Automating builds and deployment – Jan Aleman, Scott Butler
Jan Aleman, and via video, Scott Butler how to do CI/CD with tools from iTech Pros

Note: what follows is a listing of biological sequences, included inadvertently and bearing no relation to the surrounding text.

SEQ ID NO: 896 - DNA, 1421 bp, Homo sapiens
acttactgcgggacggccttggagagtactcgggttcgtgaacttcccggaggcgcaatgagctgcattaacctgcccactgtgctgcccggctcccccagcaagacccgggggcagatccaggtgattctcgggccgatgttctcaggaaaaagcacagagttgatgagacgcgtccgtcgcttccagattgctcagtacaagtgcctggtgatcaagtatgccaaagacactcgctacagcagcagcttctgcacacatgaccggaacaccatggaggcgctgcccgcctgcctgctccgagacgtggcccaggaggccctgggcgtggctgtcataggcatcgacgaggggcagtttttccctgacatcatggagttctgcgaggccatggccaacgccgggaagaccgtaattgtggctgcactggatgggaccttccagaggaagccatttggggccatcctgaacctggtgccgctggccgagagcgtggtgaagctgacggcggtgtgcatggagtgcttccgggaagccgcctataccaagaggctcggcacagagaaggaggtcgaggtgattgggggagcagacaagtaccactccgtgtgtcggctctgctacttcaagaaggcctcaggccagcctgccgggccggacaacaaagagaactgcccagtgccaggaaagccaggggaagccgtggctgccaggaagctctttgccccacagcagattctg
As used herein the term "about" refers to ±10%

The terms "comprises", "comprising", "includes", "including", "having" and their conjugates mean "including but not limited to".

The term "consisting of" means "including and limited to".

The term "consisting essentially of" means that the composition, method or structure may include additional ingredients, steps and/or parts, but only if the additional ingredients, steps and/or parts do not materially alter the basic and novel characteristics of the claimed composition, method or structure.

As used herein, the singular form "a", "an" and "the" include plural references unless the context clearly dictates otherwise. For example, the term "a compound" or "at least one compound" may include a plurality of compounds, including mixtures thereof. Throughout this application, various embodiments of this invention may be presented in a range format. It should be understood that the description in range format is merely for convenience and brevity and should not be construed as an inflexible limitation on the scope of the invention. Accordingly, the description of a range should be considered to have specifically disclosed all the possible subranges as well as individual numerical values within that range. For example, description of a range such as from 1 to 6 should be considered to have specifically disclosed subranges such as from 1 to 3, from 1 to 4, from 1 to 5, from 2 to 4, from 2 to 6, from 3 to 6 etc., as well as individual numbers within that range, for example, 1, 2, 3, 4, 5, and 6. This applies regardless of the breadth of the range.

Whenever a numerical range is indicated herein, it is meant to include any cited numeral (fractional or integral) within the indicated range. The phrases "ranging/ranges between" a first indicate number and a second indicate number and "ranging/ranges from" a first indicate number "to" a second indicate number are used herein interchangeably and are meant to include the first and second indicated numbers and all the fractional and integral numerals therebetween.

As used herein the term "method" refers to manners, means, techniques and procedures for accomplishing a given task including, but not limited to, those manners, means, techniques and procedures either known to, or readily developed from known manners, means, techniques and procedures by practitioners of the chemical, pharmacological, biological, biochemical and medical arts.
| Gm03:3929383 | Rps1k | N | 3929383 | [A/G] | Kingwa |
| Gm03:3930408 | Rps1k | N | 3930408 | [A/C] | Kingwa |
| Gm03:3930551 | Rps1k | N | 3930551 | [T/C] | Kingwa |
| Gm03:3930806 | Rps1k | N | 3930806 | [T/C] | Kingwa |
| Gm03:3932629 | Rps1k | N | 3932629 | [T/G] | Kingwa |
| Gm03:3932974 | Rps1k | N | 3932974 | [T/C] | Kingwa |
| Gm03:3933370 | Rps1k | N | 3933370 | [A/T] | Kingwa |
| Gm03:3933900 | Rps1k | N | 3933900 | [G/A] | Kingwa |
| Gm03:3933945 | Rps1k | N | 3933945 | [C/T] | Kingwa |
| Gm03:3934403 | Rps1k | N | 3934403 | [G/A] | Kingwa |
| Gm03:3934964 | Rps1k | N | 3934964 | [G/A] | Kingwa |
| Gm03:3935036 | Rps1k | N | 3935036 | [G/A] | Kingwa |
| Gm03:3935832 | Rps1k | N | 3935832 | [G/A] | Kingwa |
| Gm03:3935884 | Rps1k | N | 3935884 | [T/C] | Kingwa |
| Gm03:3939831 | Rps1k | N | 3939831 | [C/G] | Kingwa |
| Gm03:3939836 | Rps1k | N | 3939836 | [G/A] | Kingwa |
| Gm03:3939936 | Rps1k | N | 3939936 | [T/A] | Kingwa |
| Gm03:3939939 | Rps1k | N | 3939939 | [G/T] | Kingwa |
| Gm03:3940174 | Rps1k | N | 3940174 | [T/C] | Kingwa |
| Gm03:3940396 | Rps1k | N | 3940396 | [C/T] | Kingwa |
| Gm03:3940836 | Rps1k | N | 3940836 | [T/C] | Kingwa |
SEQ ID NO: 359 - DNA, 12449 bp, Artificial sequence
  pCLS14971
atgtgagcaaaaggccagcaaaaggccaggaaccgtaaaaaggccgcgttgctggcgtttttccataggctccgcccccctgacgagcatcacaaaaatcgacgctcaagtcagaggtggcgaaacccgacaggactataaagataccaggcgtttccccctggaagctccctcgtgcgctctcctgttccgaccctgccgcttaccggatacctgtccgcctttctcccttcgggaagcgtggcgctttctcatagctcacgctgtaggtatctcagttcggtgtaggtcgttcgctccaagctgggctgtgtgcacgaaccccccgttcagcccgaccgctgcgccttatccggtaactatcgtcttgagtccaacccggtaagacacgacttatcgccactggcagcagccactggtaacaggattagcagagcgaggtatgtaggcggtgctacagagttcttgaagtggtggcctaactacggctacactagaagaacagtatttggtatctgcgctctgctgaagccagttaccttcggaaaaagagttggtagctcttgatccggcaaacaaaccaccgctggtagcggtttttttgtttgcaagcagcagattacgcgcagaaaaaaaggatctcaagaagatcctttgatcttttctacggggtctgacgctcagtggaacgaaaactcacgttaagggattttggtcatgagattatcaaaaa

Let’s get started. So what is this thing that Scott has built? So I’m actually a happy user of the sort of white cloud and if you already have server a cloud you don’t need this. That’s the first conclusion. However, if you can’t run a server cloud you don’t want to run a server white cloud. You want to run on your own cloud, you want to deploy it to your own server and this is a solution. That’s a simple description of this product. So essentially it is a complete CI and CD product to build your server way application and then once the build is done, then you can decide do we want to continue with some automation. So it can automatically deploy to for example Azure or to another cloud to your own cloud. Or do you just want to take the war or the container of the Docker image and then deploy it by yourself? Well that’s what you can do with this. And today it is based on GitHub so your code has to be on GitHub. If your code is not on GitHub then this will not work. Maybe Scott is going to make it work with other repositories. You can ask him, I don’t know. Also if you have any specific questions I will not be able to answer that. So if you have questions then please post them in the Discord channel and I will make sure that Scott gets online on the Discord channel today to answer any of those questions that you may have. Alright so I’m going to start with a brief overview and then we will actually build from scratch and Azure application. Scott kind of sent me a video on how to do that. But I decided instead of trying it myself. His video is pretty good. So I can never be doing better than his video. So I’m just going to play his video. But I will go through slides. And yeah he wanted to be here but he was so busy with work. And Scott is a bit of a touch. I think he has some touch genes in him because he’s also very cheap. And many ducks will be including myself. So he’s like no if I got to serve my camp I lose three days of work and I need to buy a ticket. Maybe I’ll be a sponsor. I have a lot of years to work. But that’s fine because he makes great products. He’s probably going to watch this video so I have to be kind. So Scott you’re a great guy. So let’s go through the current workflow and you all know this. The current workflow of making a build. You go to this fantastic dialogue which has a bunch of options. And you pick your options. And it is a manual process as we all know. You have to go there every time you want to do a build. It’s quite slow. If you have a bigger application. So typically if you want to start this you go out for a coffee or a cigarette back in the days. Does anybody still smoke you? Last night. Something dead. I remember back in the days when everybody uses smoke. That’s confidence. That’s what a lot of all the thought make a conference. And yeah so it’s not always consistent. And it really depends on the local computer that you’re running this on. I mean generally it produces okay builds. But it’s not always consistent depending on your computer. So then Scott came up with a way. Essentially to do two kinds of builds. Simple one. So your insert for a developer. You do a commit and a push. Goes to your to your private or public GitHub repository. And then using GitHub actions. It does all that process. So it builds the application. And then after it might last a long because I can’t read this. It builds a survey. War file which you could then save to to S3. Or as a GitHub release. Then maybe upload it using Sftp. And it can build a Tomcat Docker image with the server. War already inside of that image. So all you have to do is just fire it up. And then if you’re going to the advanced then you can also automate this whole section with it. So you can automate it all the way into your own in-house server and going live with no human interaction. Which I think is pretty neat because now you can make your deployment a very good way. to deployment a very predictable process. Just by putting in essentially using specific tags in your commit. And then the commit knows, okay, you want to push it to death. You want to push it to production. And then it will follow that whole process for you. Any questions so far over this is pretty clear. Right. Yeah. So that’s what it does. And we’re going to look at now the detailed steps. But what you need to keep in mind when you see this video is you’ll be like, wow, I have to do a lot of stuff. But the good use is that’s only one time. Because once you’ve done it, so what’s got to do with the videos, you’ll go through all the steps that you need to do one time. And then you’ll do a second deployment so you get an idea on how much work it is to do the second deployment. The other benefit of this recorded video is we don’t have to wait for the build to complete. Because there will be a cut when it’s waiting for the build to complete. It’s a bit quicker to put right. This is my easiest presentation of the week. I just hit white. Then Harios is going to do the sound, can I think? Today we’re going to demo servoy DevOps with Azure. Right. I’m going to do this one a little bit different. I’ve got to start more from scratch so you can see all the steps. You might see some mistakes, so that’s okay too. So we’re going to walk through how to get this thing deployed. So let’s start with what I’ve got here. So I have a cloud sample solution checked out. It is connected to our GitHub repository out here, servoy, war builder examples. And I have a branch Azure container registry. So that’s the one we’re going to be working on today. If you want to follow along, all the source code for this will be out there. So first thing we want to do is maybe send up a database server out in Azure. Right now I’ve got some connections to some other databases out in Digital Ocean. But I’m going to connect myself up to one in Azure. So let’s come out here and let’s, this is my Azure account I’ve created. We’re going to make a new database. And so I create. So it gives you a few options here. We’re going to stick with flexible. Otherwise there will be no sign of the recording. By the way, by the way, if you are a software company, most of you are, some of you are not. Is that right? Yeah. You’re not a software company. Microsoft has a fantastic program also. I’ll put the link in this code. That gives you free GitHub enterprise for a year and gives you $5,000 in credits in Azure. I don’t know that you can use for free. You’ve made nothing for that. Then once you use the credits, you can be cited as somewhere else. Maybe Google. I’m sure Google has a program as well. Because you want to learn how to free cloud hours. Sign up for the program. So we’ll hit create. We’re going to choose your subscription and resource group. So it doesn’t look like a have one. So I’ll create a new one. And we’ll call it demo one. Let me get to give it a surname. So it needs to be unique. So PG one. It’s demo PG. There we go. That’ll be Eastern US. Postgres 15 gives you some suggested workload types. It’ll automatically pick the size. You can always click configure if you want to do something different. So let’s do development. And that’s going to pull it down to $16 a month. And it’s going to be much simpler. Set up here. So availability zone. No preference. We’re not going to enable high availability for now. But that’s an option for you. And we’ll stick with postgres authentication. So let’s use a suggested password. So just paste that in. Paste that in. And. So we’re going to need to keep track of these things. So. I’m going to do a new one. And kind of put that there. And I use a name. So why. So keep those sitting there. Good networking. I’m going to give it a public IP that does not mean it’s open to the world. Still has a firewall in front of it. And we’re going to add our current my IP address. Why I’m now to the firewall rule. So it’ll allow me to connect to the postgres database. Later we’ll add another firewall rule to let our app server connect. So. Security will stick with that. Tatter options. Good there. And burstable. There we go. And let’s create. Okay. Well, that’s working. I’m going to get the database connections open here. And my server boy developer and ready to go. I’m going to feel like I’m going to be in the repository connection. I’m actually using in memory. That’s what I would suggest for everyone. But if you do want to use a real database connection, you can. Let’s go back and check on how we’re doing here. In progress. Okay. Well, that took a while. But a couple of minutes there. So let’s go. Take a look at it. So we’ve got a server name. We know our username and password. So let’s see if we can get connected to this thing. All right. So let’s go look at connection settings. So we can see our host name there. username, port number, password. It’s going to databases. That’s actually create those databases. So it looks like we have one call, for example. Let’s add another one. And that’s called svyscary. Okay. Let’s let those get created. And let’s plug a copy that host name. Paste it in there. Mix that in there. And then we’ll use a name as servoy. So we’ll drop that in there. And then we’ll copy our password. And let’s test it. Good. So we will see both of those. All right. So we’ve done that. But now as you can tell, we’re missing a bunch of tables and got a lot of additional errors. So let’s synchronize db server info. And we’re going to tell it to create all. And finish. And let’s do the same for servoy security. And let’s keep it clean. They clean up those errors. Okay. So you can see it’s connected to the database servers. They’re hosted in Azure. And it’s created the basic structure for me. You can use other tools. I think it actually has some examples here. So you could use, let’s bring this down. So you could use like pgadmin, db, bearer, whatever you want. And connect to that. Set up some sample data, whatever. So you can always directly connect to your database running in the cloud. Just keep in mind you do need to manage the firewall. So right now my IP is the only thing allowed through. Okay. Next step. So what did I do all that? Well, I did that because that’s the easiest way to do step one of DevOps, which is getting a property file into your repository. So that it knows what to use for the build and what to use for the war file. So we’re going to close this and let’s go take a look at that property file. Actually, this is copy at first. So we’re going to go into our war builder examples here. So this is just my local workspace. And I made a folder earlier called prop files. And I’m going to paste server with property file for my developer into this. And let’s open this guy up and take a look at it. So let’s go. It’s got my connections. It’s got my encrypted password. It’s got the admin repository. I don’t think I don’t like is the file service default folder. So I’m going to clear that out and serve boy will pick one automatically. So let’s get rid of that. All right. And save it. Okay. Let’s close that. I’ll close that. So step two is what’s the build is happening in the cloud. Not only does it need the property file, but it also needs like any extras that you have by extra as I mean like plugins, beans, things like that. So what we do is we overlay the application server folder with whatever you include in a folder that you designate. So let’s go back to our workspace here and we’re going to make a new folder. And we like to call our serve boy developer extras. And then the first thing you need to have inside in there is a new folder called application server. And then at that point, it just mimics your installation. So whatever stuff you have that’s different from the default install, you’ll mirror it. So here’s the application server folder that here’s my developer folder. I know I have some plugins that I want to add. So we’re going to make a new folder for plugins. Let’s go into the plugins folder and let’s pick the ones that I know I need to add. So Jasper reports is one that we added. So let’s get those. And that might be the only one in this project. We just give it another scan. That looks about right. So we’re going to copy those and paste it into there. So those are going to get included in the War file when it doesn’t build. Okay, next step. Step three, we’re going to set up the YAML file for the Docker action. So we’re going to come back here and we’re going to make a new folder called dot GitHub. And another folder called workflows. And then we’re going to make a new text document and we’ll call it Azure Container Registry. I don’t see that yet. Azure Container Registry dot. So then we’re going to open this guy up and we’re going to start with some examples we have out there. So if I come to our survey world war builder examples, I’ve got one that we did for digital ocean. So we’re going to try and kind of stick with that as a starting point. And then we’ll make some adjustments. So it’s called servoy build. We’re actually doing a build in to play here. So I’ll do a little and. The point so it’s going to show up in the action runs. And then you can set up like what branches for this run on. I’m happy to be working in a branch called Azure Container Registry. So we want that one to be hit. And then I have some options like when do you want this thing to run. So I don’t want it to run like every commit. I like to have a little bit more control there. So you can see we kind of do this bracket thing war is kind of a common one that we use. But I’ll call this like Azure deploy. There. So the first step is pretty much always the same. You’re going to check it out. Then you’re going to run. Builder. So you’re a specify the name to our GitHub action. And the servoy version that you want. And all of these settings are available out here. So if you go to the servoy war, war builder GitHub repo, you can see some samples. And then if you scroll all the way down, you sort of start to see what all those property names are and what they do. So if you’re familiar with exporting, you know, manually, these are basically like equivalent flags that you get. So let’s keep running through these. You’ll notice the use of secrets. So secrets are set up in your settings. Secrets of variables, actions. And here you have a list of repository secrets. So you hit new repository secret, give it an aim, give it a value. And then it’s stored and crypt it up at GitHub. And you can never see the current value. You can only overwrite it. But those variables are available at build time here. So these will get merged in with whatever the secret value was. Properties file. So. I’ll forget I’m actually just going to make my both the same. So. I’m going to wait until the same file. Here we go. And again, that’s that one that we made over here. So, sort of the phone. That’s going to be this guy. So. Profiles, we copied it that servoipropper. They made a few tweaks to it. So we’re just referencing that here. We’re going to build it off a DBI’s. So it’s not going to actually try to connect to the database. It’s just going to use the DBI files to know what’s in the database. Otherwise, you would have to let it connect to your, you know, open the firewall. Yeah. We’re going to collect cloud.war allow SQL changes, allow data model changes. And then here’s our extras folder. So that servoip developer extras. Let’s come back here. So that’s that guy. So we’re just telling it here’s the spot to overlay stuff into for all the custom things we have plugins, beans, wick. Okay, next up. So Docker login. So we’ve got to have a way to let Docker log in to our private container registry. Well, that means the first thing we have to do is actually create a container registry. So let’s save our progress here. Let’s go do that. So let’s come out to Azure. Let’s go back to home. And container registries. If you don’t see that by the way, you can search up top and find it. And let’s create a container registry. We’re going to put it in the same resource group. So we didn’t want. It could be in the east. Good next. And we’ll keep taking the defaults here. And let’s create. So let’s go take a look at it. Or token. So token along with the password, let’s you authenticate to the registry. So the registry is public and that it has a public IP, but you still have to authenticate to the registry in order to. I should pull. So. Let’s. And you want to call this. Get have actions. And we’re going to let this do a push. So it doesn’t look as generated it yet. So let’s make it generating one. I guess. There we go. So you can set an expiration date. So generate one for now. Yes. There we go. So let’s copy these. And. So it says you do a Docker login. That’s the username. That’s the password. And that’s the registry. Good. So that’s what we need. So let’s go back. To our yammerl. Yammer file. So here’s our Docker login. So we know where registry is. And we’re going to need to create secrets. For these, I think the username is acceptable drop in there. But I don’t want the password being public. So the words copy that guy. And let’s go back. Sample here. I think we had secrets. There we go. There we pause it. See, crit. And we’ll call that. Sure. Work to street. That’s for. Copy that. There we go. You can see that’s been added. So come back to our yammer file. I’m going to do secret. So let’s see. So let’s see. So let’s see. So let’s see. Let’s see. So let’s see. So let’s see. So let’s see. So let’s see. So let’s see. I’m going to do secrets that. Azure Container Registry password. So then that’s going to get it logged into the Azure Container registry. And then we’re going to do a push to it. So we’re going to use our GitHub action for Tom Camp Builder. That that does builds the Tomcat Docker image. Put your war inside of it. And then it’s going to do a push to this registry. So what I think we’re going to do is stick with kind of a standard way. So we put the registry name in there and we’re going to call it a serenewy topcat. So we’ll try and put it at the root directory because this already has our demo right there. So let’s save that and see what happens here. So I’ve got to remember my tag name is azurepoint. All right. So let’s go back to serenewy. Let’s open it up here. So let’s see if we have any outgoing changes. All right. So those files you saw us work with over the workspace there. There’s a hard, a YAML file for the workflow, the extras that we added. What else do we have here? Poor property files. All right. So we’ll do all those and we’ll call it first, it’ll test and we’re going to put that flag in there. So it should see our YAML file in the commit, which should look at this message here because it has the bracket as your deploy and that in theory, if we go take a look at our model here, that should trigger this to run. So still commit and there we go. Now we’re there. So let’s go take a look at the action. So it’s going to try to run. So good. Let’s take a look, watch it build. Let’s move down to the servoy part. It’s running our servoy builder, GitHub action. So this is where it’s actually trying to build the war file for you. Kind of see some of the steps that it’s going through. Okay. So it says it did the build. And it did the Docker log in. And now it’s attempting to push that new image. So it’s the Tomcat image with our war file inside of it. And it’s going to try and push that to our container registry. And it’s here. Let’s see. We kind of got a clock going up here. So it’s about three and a half minutes so far. So that was pretty good. Finish the dog. If you’re logging in, so it’s a successful build. So let’s see about that. So, okay. So let’s click on repositories. And there’s the servoy Tomcat. And you can see. So it defaulted to a date and time tag. Actually don’t like that. I’m not crazy about that. So, but we’ll change that later. So on the next build, we’ll give it a better tag. So let’s see if we can deploy this guy now. So we’ve got a database server in Azure. We have a Tomcat image now with our war file inside of it. So let’s see if we can make a container service to deploy it. So we’ll type container app. Excuse me. And let’s make a new one. Same description. Do a one container app name. We’ll call this Tomcat servoy. We begin. We’re going to want to put this in East. And that’s what a container we’re not, we’re not going to use the quick start image. We’re going to try to use ours. So as your container registry, there’s our registry we created. So we get an error. Let’s see. Because add credentials are disabled. So let’s go back and take a look at that. So container registry. So access keys. We’re going to try this. We’ll turn that on. Okay, let’s go back and give that another try. So make a container app. Create a new one. We source group demo. Call Tomcat servoy. Call for East US. And container. Don’t use the quick start image. Let’s pick up registry. And there we go. So Tomcat and there’s our tag choice. So again, we’re going to make these a little bit better next time. We’re going to do version tags. We have opportunities to overwrite the commands. Pick CPU and memory. So a little bit more there. And then you got environmental variables. So if you take a look at the documentation. So this is the war builder. But if you look at the Tomcat war builder, excuse me, the Tomcat builder, you’ll see. It’ll have some stuff in the documentation here of things you can you can override. So that would have been earlier actually in the builder step, but I could overrove these things. But you do have sort of the standard things you can override, the Catalina ops and stuff, a memory and we’ll update the documentation here to give you more examples. We’re just going to keep it simple for now and take the defaults. So let’s hit review, anchment. And it’s thinking about it. And I create. OK. Climate progress. Now I expect the war file. So Tomcat will launch, but our war file will most likely fail because it won’t be able to connect to the database. So that’s the firewall port part that we need to open up once this gets deployed. OK, it says it finished. So let’s take a look. See what we got here. So we’re going to take a look at the ingress here and we’re going to enable HTTP traffic. And I believe we default to run on 88. So let’s try that. And we actually want traffic from anywhere, not just inside the vNet. It’s going back to over a few here to see what that updated to. There we go. Also, there’s an application URL. And that’s the way it does. Gonna try the non HTTP port. There you go. They’re both loaded. So it’s redirected over. OK, so Tomcat’s running. Well, fairly certain cloud file is not. So yeah, we’re going to four on that. So let’s see what changes we need to make to what the container app connect to our database. Got an option down here. Service Connectors. So let’s give that a shot. So we’ve got our container. And then it’s going to let us pick what else we’re connecting to. So we’ve got flexible server for Postgres that we created earlier. And it’s automatically picked everything else and see. I also want to include the new put in an asterisk, but we have an end. Set these up. I’ll give you a production. You might choose something slightly different. But for the moment, I’m just going to drop in our. Credentials, like you had before. So we’re going to get a funny error there. So all we start to refresh the page and give it a try. So service type. Let’s call server from Postgres. I have your example. Give me a Java client. Connections, string. I used the password and credentials that we had. Previously saved. Let’s see if it’ll work. It’s done. OK, so it says. It made one. And those look like pretty much the same. SSL mode require isn’t in ours, but that looks like the same. Credentials. Now I’m expecting that that probably opened up a firewall port for all of the databases. So right now I’m not going to try and make another one. We’re just going to see if we can get that to work. Let’s go back and I’ve refreshed here and it looks like I was back up and running. So. All right, as set up our first user. Here there we go. So you can see our solutions are there. Let’s see if they’re actually right. So I’ll be that. And there we go. So let’s make some changes and see what the deployment looks like. Let’s also just poke around in the container here and see what’s going on first. So I’m going to scroll down to console. And it’s going to let me SSH basically into the container. And I know from the documentation of the Tomcat image that the default server user whole slash user slash. I’m going to slash server. And there’s a server file. I will look server and there’s a server with law file. So let’s take a look at it. See some referencing that it’s unhappy about not being able to set the default location for. The log file. So let’s go ahead. I’m sorry for the files again. Let’s go ahead and like copy this. And we’ll probably put it at. Slash above will be. Sorry. So let’s go back. We’ll close. We’ll close the solution. Just leave it there for now. But we will go back to develop them. We’ll make a small change. Change user name to user just so we can see that our changes will get deployed. And then let’s take a look at that. Yeah, we’ll file here. Let’s see. That’s actually not the one I want. I want to go to property file first. And want to change the folder location without value that I copied. And we’ll save that. So a year we’ll file. I don’t think there’s much we need to change about that. Think we’re okay with that. We’re going to do the tag of different. That’s not officially a tag. But the things inside the little brackets when we do the commit. We’re going to change those a little bit. So let’s come back here. And to commit. All right. So I just restarted it and it sees that property change. So that’s good. Let’s just go ahead and stage all those. And I need my has deployed. And I’m also going to specify a name by tagging. So let’s go take a look. So let’s go take a look at the actions I’ve ran in the past. And I see an example there that I’ve used. And I’ll be in the documentation as well. So let’s drop that tag name in. So this is going to be the Docker tag. So I’ll call it the moment point one. Since we’ll consider that other one sort of version one. Since I didn’t do that in the other commit, it just used like current date and time. So I’ll put those in there and we’ll give it a description. They will get more than and property. All right. So that’s going to trigger the deploy and then we’ll use that version number from tag. So here we go. Let’s come back up here. Okay. Actions again. There we go. That’s about the name. Because the first time this bit of work, so it usually does not do that. It just kind of issue updating. So actually says it ran through all the steps. The UI just wasn’t updating for me. So let’s just make sure that really happened. So what it said. That it did push. Oh god. Be 1.1. So let’s go see if that’s the case. So we’ll click on containers and what that. And instead of that date tag, there we go. Click version 1.1. Notice how useful this is by the way. So you can always roll back to prior versions. You basically have a image with everything you need inside of it, including your servo or profile to make that easy for you to roll forwards. And all right. So we’ll save that. And create it. Should see this die off fairly soon, because this is going to kill our current one. Successfully deployed. Let’s go look at the uptime. So one thing to keep in mind is the deployment is really the deployment of a concat deployment of your war file inside of top cact. We’ll take a little bit longer. If you want to watch what’s going on, we should be able to come down. Usually they got a way to watch the one. So again. So it should be. There we go. So in 44 seconds, our page has expired here, of course. So what we fresh in. And there’s our update with the change to two user. There you go. All right. So there are other things. Of course, you want to do custom domain names, things like that, making sure you got your RAM and CPU setup correctly. But this is just your basic how to get started. And then if you choose to use Azure, you’re going to invest some time in learning about managing Microsoft Azure Cloud. So you can make sure you get it configured correctly. But of course, if you need help, we’re always available. Thanks. All right. Thank you. Thank you. Thank you, Scott. Yeah, so as you can see, the first time it’s quite a hassle, compared to circle cloud, where you just do commit and it does all of its magic. So if you prefer the black box that survey cloud is, then that’s the way to go. But if you want to be able to get on server to an Azure server, to any other cloud, then this is a way to make things easier, especially after the first time, because first time you can see it’s with the whole config. But people just say, don’t purpose because this is what you will have to go through if you go to Azure or if you go to something else. All right. Once they’re all about pricing, well, yeah, even I. Could you decide to go share this for you guys? I said, you need to give the people at server camps and discounts. Because they came all the way in to spend a lot of money here. So you’re getting some discount. 25% off. So you can either license just this, which is $650, or you can get the whole shipping that I think Prose does, which are all his plugins and components. Does anybody have a license on them? 23. So we’re looking at very good. We’re looking at very good. Yeah, so they have a bunch of very good plugins. And you know, if you can get for a single developer $800 per year, you get everything including this. Or if you with more than one developer $1,200 for all the developers, you get all the stuff they, yeah, yeah, yeah. The workflow again by itself is what it is. And then 20%. I wonder if the 25% off is going to be for the lifetime of just the first year. Maybe Scott can light us down with the comments. And he thought so many questions for Scott because he’ll watch this video then post this questions in the Giskwetch channel. Right.